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What will happen to these children?

One of the greatest challenges of the new generation of parents is that parenting should take more seriously … Unlike previous generations, we thought that there was something worrying about performance, such as "going to school", "preparing for exams"

And we started to read … We started reading the texts on the Internet. We started to read the share of parents abroad. We started writing at the point where reading was not enough.

Facebook was not a digital media giant at the time, but it was a medium we met with our primary school friends years later. Twitter was new. Instagram was vitamin C in orange.

Social media did not exist today, but there were blogs. We also wrote.

We got pregnant, we got it. We were afraid of birth, we wrote. We were born, we wrote. We were breastfeeding, not breastfeeding, we were sleepy, we were alone, but we always wrote.

One of the greatest challenges of contemporary mothers is parent blogs written by mothers whose majority, if any, learn to be a mother in a whole new era.

Friendships were born there, associations were born, partnerships were born and today we have got many friends who we share our daily life and our children's school.

We are a group mothers blog writer, united around similar troubles. We protested violations of women's rights at birth and later objected that the pensions were subjected to family / neighborhood pressure, then we forced our mothers working in institutional life to return to work early and to breastfeed their babies as they deserved. And at the point where our children left all these periods behind and came to school, we all started asking the same question: "What about these children?"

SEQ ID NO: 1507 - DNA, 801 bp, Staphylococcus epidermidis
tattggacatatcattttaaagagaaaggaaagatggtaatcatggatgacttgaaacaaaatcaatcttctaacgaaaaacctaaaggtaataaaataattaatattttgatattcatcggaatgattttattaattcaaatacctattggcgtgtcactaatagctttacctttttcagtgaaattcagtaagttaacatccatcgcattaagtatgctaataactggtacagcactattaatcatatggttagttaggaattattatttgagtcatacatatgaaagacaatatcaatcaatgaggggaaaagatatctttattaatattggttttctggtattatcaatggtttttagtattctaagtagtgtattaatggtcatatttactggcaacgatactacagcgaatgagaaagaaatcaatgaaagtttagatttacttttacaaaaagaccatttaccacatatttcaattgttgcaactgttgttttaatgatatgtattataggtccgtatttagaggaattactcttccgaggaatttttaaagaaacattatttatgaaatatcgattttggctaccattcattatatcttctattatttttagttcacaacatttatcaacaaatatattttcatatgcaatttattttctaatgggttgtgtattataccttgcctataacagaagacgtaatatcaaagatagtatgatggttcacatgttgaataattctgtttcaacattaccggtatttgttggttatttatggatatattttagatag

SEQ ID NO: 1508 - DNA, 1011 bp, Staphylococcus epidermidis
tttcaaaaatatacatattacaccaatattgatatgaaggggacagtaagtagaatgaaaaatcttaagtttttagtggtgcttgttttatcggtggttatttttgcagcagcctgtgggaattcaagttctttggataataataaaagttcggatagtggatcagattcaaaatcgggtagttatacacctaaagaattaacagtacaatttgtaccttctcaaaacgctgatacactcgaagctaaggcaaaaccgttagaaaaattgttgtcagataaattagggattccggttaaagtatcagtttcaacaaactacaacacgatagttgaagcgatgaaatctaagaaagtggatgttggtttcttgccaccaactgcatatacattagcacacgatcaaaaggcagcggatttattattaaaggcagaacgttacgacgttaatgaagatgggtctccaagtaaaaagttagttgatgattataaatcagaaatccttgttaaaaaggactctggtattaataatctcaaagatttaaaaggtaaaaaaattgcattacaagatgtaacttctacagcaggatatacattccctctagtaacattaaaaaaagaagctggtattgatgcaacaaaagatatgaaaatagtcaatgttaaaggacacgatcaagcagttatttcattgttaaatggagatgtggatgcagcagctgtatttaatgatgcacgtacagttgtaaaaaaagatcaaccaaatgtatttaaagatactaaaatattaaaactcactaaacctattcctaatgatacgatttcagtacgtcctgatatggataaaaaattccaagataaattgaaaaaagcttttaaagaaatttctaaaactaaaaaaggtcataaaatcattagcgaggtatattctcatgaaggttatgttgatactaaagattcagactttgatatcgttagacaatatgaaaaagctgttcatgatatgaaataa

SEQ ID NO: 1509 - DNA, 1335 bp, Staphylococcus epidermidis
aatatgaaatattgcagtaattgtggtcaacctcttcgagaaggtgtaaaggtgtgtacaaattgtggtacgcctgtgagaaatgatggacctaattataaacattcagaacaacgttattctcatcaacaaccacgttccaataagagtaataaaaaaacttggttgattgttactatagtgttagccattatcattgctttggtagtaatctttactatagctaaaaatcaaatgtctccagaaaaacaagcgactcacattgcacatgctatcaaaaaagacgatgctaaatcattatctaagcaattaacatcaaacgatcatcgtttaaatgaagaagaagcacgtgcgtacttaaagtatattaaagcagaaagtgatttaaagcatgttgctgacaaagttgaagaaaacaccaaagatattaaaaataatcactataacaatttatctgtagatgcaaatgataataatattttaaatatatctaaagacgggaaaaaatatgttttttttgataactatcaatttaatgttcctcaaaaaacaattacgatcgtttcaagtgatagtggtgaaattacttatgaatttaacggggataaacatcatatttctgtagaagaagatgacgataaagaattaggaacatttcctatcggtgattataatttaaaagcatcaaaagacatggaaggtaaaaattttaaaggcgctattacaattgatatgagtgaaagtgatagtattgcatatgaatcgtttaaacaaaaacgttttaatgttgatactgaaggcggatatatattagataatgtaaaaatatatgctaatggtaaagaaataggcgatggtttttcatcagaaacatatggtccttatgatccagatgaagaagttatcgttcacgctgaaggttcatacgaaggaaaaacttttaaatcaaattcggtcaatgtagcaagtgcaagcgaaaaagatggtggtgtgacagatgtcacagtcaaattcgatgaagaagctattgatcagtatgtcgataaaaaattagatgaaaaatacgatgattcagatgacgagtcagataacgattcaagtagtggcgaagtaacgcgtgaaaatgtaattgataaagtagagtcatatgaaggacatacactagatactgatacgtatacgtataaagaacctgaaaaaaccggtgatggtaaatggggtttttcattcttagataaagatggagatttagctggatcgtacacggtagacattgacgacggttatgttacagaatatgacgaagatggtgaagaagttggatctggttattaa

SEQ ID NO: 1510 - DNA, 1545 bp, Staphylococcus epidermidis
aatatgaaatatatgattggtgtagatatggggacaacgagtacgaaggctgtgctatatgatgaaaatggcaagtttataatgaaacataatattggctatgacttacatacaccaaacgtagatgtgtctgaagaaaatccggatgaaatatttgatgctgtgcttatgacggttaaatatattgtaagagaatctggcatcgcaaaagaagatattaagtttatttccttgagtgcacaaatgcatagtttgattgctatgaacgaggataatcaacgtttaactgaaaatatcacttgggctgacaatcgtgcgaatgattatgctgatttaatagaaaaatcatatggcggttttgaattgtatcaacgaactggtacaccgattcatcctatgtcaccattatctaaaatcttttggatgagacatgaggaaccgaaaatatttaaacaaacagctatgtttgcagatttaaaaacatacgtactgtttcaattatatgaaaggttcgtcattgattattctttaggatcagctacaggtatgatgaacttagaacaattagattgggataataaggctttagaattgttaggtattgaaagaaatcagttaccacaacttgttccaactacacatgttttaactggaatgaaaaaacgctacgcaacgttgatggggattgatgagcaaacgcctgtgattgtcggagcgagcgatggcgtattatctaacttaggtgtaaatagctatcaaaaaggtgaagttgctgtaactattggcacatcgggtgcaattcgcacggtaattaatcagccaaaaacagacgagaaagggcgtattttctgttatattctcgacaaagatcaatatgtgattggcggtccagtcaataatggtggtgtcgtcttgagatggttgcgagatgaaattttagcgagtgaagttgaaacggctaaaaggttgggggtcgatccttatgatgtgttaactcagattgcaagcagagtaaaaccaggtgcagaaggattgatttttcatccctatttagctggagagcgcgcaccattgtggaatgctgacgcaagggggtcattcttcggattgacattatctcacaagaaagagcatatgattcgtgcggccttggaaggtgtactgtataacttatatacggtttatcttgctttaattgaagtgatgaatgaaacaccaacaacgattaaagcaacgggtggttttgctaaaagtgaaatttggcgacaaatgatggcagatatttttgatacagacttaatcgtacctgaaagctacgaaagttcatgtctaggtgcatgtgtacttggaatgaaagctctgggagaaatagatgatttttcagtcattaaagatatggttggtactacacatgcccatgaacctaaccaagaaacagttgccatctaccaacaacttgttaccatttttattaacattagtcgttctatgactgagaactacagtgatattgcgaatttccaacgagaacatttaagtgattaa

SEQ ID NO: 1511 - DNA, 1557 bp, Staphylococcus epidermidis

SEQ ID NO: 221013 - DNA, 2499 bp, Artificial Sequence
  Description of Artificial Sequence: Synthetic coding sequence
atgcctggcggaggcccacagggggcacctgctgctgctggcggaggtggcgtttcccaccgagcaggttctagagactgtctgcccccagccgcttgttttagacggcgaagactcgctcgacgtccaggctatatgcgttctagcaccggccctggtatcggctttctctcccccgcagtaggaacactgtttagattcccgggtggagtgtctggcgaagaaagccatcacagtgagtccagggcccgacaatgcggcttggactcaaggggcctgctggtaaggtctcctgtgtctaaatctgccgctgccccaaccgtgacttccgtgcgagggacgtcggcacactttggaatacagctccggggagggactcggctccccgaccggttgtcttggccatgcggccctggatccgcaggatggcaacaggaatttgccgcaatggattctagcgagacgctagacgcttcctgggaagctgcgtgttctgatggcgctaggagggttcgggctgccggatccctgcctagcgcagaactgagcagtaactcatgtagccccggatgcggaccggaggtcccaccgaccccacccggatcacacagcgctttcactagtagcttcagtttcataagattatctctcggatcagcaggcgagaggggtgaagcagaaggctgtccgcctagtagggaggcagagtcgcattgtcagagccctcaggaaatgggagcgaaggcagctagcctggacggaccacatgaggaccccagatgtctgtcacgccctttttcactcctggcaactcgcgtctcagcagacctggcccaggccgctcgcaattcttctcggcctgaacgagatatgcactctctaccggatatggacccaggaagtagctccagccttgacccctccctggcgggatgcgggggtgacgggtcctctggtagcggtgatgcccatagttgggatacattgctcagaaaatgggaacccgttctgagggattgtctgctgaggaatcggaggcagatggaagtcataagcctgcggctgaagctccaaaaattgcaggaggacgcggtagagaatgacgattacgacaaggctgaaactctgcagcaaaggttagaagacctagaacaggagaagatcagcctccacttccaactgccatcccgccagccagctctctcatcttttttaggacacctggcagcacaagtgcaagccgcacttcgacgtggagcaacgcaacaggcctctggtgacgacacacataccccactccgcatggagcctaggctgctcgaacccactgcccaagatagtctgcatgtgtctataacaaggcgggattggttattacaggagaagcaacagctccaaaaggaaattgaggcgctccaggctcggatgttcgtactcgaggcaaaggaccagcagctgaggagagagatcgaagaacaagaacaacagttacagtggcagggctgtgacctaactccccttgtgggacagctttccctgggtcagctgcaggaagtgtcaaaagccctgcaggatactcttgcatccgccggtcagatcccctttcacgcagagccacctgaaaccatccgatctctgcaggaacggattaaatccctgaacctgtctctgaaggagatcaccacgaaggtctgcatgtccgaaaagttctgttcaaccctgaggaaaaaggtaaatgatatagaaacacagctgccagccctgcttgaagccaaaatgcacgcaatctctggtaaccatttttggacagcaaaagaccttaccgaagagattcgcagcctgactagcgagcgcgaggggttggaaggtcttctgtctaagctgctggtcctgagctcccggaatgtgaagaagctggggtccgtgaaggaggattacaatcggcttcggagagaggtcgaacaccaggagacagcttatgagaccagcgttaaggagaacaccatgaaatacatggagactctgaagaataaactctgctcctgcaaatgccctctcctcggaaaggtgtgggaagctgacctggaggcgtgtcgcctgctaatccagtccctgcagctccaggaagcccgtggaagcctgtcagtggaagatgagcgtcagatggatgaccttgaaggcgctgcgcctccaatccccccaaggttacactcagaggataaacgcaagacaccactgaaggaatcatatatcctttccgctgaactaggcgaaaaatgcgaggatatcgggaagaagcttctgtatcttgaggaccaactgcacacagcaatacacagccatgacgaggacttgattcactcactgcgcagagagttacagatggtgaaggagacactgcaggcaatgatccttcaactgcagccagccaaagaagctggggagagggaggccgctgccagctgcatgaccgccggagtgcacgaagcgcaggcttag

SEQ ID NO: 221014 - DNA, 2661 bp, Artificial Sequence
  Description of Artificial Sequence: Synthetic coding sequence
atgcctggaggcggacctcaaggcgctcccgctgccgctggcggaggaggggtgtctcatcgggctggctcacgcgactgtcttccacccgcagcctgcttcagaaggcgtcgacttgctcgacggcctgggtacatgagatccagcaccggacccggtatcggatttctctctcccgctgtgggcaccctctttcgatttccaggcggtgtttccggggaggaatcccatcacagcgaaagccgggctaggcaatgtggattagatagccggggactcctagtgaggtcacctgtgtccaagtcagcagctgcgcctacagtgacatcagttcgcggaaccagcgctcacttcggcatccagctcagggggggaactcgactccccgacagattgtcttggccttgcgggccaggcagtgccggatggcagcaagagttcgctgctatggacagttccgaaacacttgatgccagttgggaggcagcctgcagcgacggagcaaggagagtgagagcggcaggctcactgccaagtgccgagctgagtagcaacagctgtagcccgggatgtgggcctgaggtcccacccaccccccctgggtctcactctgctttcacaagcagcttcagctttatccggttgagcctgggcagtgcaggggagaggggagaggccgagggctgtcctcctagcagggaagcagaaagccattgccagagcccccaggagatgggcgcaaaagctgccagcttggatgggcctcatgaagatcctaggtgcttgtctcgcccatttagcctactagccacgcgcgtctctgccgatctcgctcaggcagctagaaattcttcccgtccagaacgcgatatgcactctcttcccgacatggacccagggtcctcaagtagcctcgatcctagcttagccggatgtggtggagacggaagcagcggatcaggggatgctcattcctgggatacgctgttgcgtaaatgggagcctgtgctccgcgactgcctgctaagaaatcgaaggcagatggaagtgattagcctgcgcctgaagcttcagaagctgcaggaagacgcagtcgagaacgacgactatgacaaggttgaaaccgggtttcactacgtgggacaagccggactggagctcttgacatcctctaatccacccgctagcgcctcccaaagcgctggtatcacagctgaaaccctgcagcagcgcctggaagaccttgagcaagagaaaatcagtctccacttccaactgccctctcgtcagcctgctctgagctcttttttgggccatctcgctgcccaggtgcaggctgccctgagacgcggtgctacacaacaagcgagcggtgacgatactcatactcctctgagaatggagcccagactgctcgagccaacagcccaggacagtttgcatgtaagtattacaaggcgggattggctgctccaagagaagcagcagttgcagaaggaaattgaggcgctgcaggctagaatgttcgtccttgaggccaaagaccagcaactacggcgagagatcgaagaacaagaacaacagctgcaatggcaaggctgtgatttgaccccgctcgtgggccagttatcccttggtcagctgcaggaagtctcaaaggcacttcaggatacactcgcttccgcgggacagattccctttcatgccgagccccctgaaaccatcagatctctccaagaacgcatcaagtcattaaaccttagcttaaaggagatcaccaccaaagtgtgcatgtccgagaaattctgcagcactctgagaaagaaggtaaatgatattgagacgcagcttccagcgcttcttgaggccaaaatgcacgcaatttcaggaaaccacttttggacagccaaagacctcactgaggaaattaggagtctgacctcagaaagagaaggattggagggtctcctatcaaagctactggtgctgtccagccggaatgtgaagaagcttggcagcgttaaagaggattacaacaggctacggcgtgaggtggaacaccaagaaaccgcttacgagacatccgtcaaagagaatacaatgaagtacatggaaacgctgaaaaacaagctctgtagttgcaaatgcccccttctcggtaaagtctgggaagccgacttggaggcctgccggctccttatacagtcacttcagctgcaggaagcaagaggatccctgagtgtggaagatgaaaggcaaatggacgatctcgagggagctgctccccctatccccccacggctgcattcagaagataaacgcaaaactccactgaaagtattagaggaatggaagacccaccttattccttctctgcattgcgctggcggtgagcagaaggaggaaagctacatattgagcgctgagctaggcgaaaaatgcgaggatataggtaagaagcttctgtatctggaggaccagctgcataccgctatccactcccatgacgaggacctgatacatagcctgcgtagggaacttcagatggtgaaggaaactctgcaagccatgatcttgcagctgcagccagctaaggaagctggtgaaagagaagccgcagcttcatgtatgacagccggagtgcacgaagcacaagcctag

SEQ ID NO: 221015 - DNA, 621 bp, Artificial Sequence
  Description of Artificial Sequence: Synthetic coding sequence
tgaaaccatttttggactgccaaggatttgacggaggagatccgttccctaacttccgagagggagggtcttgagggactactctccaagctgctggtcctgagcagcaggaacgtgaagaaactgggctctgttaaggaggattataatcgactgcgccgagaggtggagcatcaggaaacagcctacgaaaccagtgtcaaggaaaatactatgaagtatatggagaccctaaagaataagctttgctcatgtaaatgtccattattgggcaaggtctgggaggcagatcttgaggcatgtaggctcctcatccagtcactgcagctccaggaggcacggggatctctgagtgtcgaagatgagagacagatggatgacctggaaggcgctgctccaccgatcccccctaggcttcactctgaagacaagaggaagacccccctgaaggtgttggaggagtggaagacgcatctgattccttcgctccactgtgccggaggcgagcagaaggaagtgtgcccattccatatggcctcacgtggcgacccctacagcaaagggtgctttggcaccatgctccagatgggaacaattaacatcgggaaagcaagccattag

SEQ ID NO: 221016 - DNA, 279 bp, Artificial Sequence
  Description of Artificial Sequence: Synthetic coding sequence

The only choice was to choose between giving our children to a state school like we were going to, and sending them to private schools claiming to be a five-star hotel. Thousands of liras in our many years will not be able to give our eyes away; we would give up on the idea of ​​making a brother to just send the child to the private school, and we all thought it would be enough. We were mistaken when you sent our child to a private school and offered him a "good life" alone; I see that the main problem is that the backwardness of state schools is beyond the parent-centered policies of private schools.

Today, the failure of the education system in Turkey, an increasingly retrogressive grappling, worldwide "mass education" that takes in shock, we see that questioning the existence of the school. We may be outnumbered, but we are not inadequate. We are still worried, but we are not desperate. Because we know that the voices that grow increasingly say, "This is not the case."

As parents, we remind ourselves that while we ask, "What is going to happen to this education?", Whoever we are, wherever we are, we have the power to change the system. Because we are the system.

If we do not like the system, we can not wait for someone else to change.

We will wait until tomorrow

to talk about all these We will be in the Symposium on Thinking of the Future in Education together with the Sleepless Anneler Club



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